Senior Center Supervisor Liliana Torres issued an urgent call to the center’s members last week. She requested assistance for Barbara Watkins and Bob Lynes, two of their fellow members.
Their home in the South Pasadena hills in the 1800 block of Hanscom Drive had been red-tagged by city officials. This signaled it was not safe for anyone to enter the property.
This development was completely unexpected. The couple had returned to their hillside home following an evening out on March 12. Both were in Lynes’ car. He then parked it on the home’s wide driveway in front of their garage. Her car was parked there, as well.
The 1960s-era, two-story residence on a steep hillside is not noticeable from the street. All that is clearly visible is the garage, which serves as the home’s entrance. The house’s upper floor is at the level of the garage, according to the couple. The lower level is situated below the street. A drive along Peterson Avenue, which is below Hanscom, provides a breathtaking view of homes built this way.
As they parked, the couple heard running water and then a creaking sound. The pair realized that a water pipe below their home had broken. Watkins saw water streaming out from under the driveway and knew they were in imminent danger.
They managed to move their two cars into the street just before the driveway cracked and sank a number of feet.
Lynes said that if the cars had remained, the weight of the vehicles would probably have caused the driveway to sink even more.
“The cars would also have been destroyed,” he added.
Fire departments from South Pasadena and several other jurisdictions responded to their call for aid. News of the incident was covered by reporters from television outlets and in both digital and print media.
The couple was not allowed to enter the home the night of the incident. Lynes said they were told that they would not be able to return home for two months or more.
“We got out with only the clothes on our backs,” homeowner Barbara Watkins said in an interview at the site on March 15. “We went to a thrift shop and bought a change of clothes.”
She pointed out that she was wearing the same black sweatshirt she had worn that night. The inscription on it read “Stay Calm and Play Chess.”
Last weekend, they stayed at the home of friends who were out of town. There she said they were able to launder their one set of clothes and their thrift-store purchases.
They are now seeking affordable temporary housing. Through a friend, they are staying in a retired ministers’ complex in Pasadena for less than the cost of a motel.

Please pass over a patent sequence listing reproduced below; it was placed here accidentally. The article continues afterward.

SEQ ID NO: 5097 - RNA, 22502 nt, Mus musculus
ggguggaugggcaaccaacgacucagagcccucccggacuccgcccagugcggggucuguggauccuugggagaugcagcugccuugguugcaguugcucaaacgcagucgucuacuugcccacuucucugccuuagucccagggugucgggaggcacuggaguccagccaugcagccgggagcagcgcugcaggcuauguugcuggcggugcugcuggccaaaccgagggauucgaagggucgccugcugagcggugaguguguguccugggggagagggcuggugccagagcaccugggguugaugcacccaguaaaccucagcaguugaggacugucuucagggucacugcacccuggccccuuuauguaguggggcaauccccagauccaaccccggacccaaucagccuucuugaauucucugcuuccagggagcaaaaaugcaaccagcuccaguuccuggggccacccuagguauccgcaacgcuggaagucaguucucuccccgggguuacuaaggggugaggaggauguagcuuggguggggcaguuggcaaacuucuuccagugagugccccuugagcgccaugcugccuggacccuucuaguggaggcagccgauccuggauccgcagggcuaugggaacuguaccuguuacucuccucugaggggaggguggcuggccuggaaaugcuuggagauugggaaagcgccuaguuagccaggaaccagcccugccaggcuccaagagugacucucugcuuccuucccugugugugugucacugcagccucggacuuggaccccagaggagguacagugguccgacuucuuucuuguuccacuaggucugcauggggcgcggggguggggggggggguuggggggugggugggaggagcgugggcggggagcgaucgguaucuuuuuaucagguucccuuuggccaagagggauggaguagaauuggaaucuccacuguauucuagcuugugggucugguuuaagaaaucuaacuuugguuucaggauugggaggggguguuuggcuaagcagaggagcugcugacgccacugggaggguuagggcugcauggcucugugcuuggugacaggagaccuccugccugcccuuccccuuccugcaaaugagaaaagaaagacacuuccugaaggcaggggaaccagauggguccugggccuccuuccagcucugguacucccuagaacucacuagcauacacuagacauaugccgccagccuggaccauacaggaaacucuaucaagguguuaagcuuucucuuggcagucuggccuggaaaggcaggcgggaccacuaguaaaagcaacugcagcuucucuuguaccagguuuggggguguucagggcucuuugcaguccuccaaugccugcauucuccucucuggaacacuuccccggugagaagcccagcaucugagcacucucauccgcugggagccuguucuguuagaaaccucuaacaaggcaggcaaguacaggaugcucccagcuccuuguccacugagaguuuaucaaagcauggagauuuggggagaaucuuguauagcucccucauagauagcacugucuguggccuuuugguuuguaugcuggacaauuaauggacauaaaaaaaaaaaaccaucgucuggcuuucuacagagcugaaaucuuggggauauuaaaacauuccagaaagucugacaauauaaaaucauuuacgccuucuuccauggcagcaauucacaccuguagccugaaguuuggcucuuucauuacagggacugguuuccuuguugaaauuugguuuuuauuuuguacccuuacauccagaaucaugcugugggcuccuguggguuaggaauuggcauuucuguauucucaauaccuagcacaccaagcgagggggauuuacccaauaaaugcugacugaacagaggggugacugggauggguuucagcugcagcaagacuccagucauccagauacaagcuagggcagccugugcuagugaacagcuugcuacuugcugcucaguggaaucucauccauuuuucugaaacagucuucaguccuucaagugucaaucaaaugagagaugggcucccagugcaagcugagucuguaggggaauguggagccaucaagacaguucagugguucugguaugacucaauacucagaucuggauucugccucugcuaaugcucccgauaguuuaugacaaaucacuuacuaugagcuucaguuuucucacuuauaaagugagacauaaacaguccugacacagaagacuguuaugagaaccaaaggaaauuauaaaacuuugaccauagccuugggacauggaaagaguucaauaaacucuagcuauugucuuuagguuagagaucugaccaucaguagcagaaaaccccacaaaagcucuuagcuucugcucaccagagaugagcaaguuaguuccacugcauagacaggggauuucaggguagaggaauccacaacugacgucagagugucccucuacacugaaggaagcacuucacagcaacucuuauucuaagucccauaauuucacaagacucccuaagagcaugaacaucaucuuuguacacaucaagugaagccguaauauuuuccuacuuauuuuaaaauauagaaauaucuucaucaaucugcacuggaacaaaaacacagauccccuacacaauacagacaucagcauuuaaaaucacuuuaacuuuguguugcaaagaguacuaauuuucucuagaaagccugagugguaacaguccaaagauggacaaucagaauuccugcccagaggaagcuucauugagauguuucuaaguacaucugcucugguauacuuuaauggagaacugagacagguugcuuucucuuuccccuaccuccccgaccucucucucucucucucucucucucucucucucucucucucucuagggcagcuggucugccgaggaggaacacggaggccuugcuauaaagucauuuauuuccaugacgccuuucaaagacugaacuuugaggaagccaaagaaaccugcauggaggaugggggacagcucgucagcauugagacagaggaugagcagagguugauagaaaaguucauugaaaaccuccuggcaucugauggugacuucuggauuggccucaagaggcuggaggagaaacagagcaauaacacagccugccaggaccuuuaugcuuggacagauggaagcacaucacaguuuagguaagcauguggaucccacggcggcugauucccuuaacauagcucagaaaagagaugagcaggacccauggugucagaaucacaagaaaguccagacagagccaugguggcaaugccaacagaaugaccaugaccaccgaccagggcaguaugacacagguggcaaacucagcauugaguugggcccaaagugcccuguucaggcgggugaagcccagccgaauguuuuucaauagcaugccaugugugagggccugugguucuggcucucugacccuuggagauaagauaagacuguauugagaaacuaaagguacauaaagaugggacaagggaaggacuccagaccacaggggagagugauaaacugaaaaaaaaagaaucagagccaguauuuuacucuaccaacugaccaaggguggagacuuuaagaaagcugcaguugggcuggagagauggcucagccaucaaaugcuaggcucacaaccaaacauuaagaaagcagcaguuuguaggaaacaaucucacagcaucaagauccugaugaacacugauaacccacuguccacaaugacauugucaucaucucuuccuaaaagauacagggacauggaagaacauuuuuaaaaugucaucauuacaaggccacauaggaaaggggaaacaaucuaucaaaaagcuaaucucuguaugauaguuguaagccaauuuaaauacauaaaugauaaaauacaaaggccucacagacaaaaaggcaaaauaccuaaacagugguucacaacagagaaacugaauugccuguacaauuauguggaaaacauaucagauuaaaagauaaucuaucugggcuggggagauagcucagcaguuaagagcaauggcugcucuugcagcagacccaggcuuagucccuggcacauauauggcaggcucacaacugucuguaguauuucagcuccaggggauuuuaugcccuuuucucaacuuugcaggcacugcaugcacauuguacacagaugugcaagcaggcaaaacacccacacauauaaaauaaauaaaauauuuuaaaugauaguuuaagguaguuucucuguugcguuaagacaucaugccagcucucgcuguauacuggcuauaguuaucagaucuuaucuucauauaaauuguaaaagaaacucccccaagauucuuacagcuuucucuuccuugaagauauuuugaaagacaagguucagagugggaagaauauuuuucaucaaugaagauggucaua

“We’re not sleeping under the underpasses, yet,” said Lynes at the site. They were at the home to meet an insurance company representative.
At press time, the property appears stable. Strips of yellow and red caution tape are still strung across the property. Neighbors on either side of the home said their properties, though, were unaffected.
Senior Center Manager Torres learned of the residents’ misfortune from the television news. Once she realized they were center members and volunteers, as well as participants in the center’s lunch program, she acted.
She emailed the center’s 250 members within two days of the incident.
“I have decided to take up a collection to help them until they have some answers,” she wrote. “I spoke with them today [March 14], and they are overwhelmed and beyond frustrated.”
She also contacted the center’s foundation board and others. “I’m reaching out to everyone I know,” Torres said in a March 14 email to the South Pasadena Review.
Torres said in an interview March 15 that she convinced the suddenly homeless pair to attend the Senior Center’s St. Patrick’s Day luncheon that day. This is a popular event attended by close to 100 people. Torres thought attending would boost their spirits.
She had collected $700 and a number of gift cards for them from members, she said. She and city Community Services Department Director Sheila Pautsch also donated.
The couple was appreciative of everything the city had done.
“The city has been wonderful,” said Watkins, who is in her late 70s.
“Especially what we received from the Senior Center,” added Lynes, who is in his early 80s.
“They gave us gift cards and money,” Watkins said. “We can go to Target. I need tennis shoes as these boots are killing me.” She had been wearing the same footwear for four days.
Watkins called the Fire Department’s Chris Szenczi a hero. The night of the accident, she said, he retrieved her jacket from the tagged site with a hook and 10-foot pole. The temperature that night had turned frigid.
Lynes said the Police Department is allowing them to park one car on the street without its being ticketed. Library staff renewed their checked-out items until June, he said.
Torres said they will not have to pay for their senior lunches at the center during this trying time.
She is asking the community to help them find a temporary residence.
Also needed, she said, are advisers who can help the couple navigate their insurance claim. The company sent an adjustor and has scheduled an engineer to assess the property.
The couple continues to need funds for living expenses, Torres said.
Those wishing to help can contact Torres at the Senior Center at firstname.lastname@example.org or at (626) 403-7364.